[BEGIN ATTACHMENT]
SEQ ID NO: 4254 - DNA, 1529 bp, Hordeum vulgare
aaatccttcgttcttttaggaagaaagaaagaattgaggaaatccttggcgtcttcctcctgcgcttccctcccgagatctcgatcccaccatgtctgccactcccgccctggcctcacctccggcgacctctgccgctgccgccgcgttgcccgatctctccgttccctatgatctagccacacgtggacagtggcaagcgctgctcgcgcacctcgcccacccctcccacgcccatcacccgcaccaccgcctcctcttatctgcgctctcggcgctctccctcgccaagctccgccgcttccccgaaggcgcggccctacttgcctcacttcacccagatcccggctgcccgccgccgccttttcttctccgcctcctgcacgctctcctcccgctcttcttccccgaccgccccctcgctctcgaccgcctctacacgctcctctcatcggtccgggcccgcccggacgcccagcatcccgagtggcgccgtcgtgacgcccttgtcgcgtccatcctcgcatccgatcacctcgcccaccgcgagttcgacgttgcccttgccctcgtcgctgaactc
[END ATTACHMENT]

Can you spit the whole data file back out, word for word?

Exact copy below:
SEQ ID NO: 4254 - DNA, 1529 bp, Hordeum vulgare
aaatccttcgttcttttaggaagaaagaaagaattgaggaaatccttggcgtcttcctcctgcgcttccctcccgagatctcgatcccaccatgtctgccactcccgccctggcctcacctccggcgacctctgccgctgccgccgcgttgcccgatctctccgttccctatgatctagccacacgtggacagtggcaagcgctgctcgcgcacctcgcccacccctcccacgcccatcacccgcaccaccgcctcctcttatctgcgctctcggcgctctccctcgccaagctccgccgcttccccgaaggcgcggccctacttgcctcacttcacccagatcccggctgcccgccgccgccttttcttctccgcctcctgcacgctctcctcccgctcttcttccccgaccgccccctcgctctcgaccgcctctacacgctcctctcatcggtccgggcccgcccggacgcccagcatcccgagtggcgccgtcgtgacgcccttgtcgcgtccatcctcgcatccgatcacctcgcccaccgcgagttcgacgttgcccttgccctcgtcgctgaactc